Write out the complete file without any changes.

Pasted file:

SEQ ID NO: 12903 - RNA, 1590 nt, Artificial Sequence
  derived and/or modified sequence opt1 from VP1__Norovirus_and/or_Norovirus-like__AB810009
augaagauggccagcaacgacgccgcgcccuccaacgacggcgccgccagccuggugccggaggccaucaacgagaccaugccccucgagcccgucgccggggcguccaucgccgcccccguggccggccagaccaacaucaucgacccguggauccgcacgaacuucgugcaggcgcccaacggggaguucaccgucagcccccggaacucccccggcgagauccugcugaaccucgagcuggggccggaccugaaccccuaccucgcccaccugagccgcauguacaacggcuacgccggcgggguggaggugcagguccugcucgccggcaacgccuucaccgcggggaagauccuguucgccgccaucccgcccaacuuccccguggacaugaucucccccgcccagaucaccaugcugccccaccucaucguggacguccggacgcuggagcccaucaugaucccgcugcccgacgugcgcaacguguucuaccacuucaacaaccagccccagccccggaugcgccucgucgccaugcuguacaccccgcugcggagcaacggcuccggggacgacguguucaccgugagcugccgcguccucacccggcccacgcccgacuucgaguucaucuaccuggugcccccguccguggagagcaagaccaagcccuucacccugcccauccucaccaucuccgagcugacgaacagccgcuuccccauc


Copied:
SEQ ID NO: 12903 - RNA, 1590 nt, Artificial Sequence
  derived and/or modified sequence opt1 from VP1__Norovirus_and/or_Norovirus-like__AB810009
augaagauggccagcaacgacgccgcgcccuccaacgacggcgccgccagccuggugccggaggccaucaacgagaccaugccccucgagcccgucgccggggcguccaucgccgcccccguggccggccagaccaacaucaucgacccguggauccgcacgaacuucgugcaggcgcccaacggggaguucaccgucagcccccggaacucccccggcgagauccugcugaaccucgagcuggggccggaccugaaccccuaccucgcccaccugagccgcauguacaacggcuacgccggcgggguggaggugcagguccugcucgccggcaacgccuucaccgcggggaagauccuguucgccgccaucccgcccaacuuccccguggacaugaucucccccgcccagaucaccaugcugccccaccucaucguggacguccggacgcuggagcccaucaugaucccgcugcccgacgugcgcaacguguucuaccacuucaacaaccagccccagccccggaugcgccucgucgccaugcuguacaccccgcugcggagcaacggcuccggggacgacguguucaccgugagcugccgcguccucacccggcccacgcccgacuucgaguucaucuaccuggugcccccguccguggagagcaagaccaagcccuucacccugcccauccucaccaucuccgagcugacgaacagccgcuuccccauc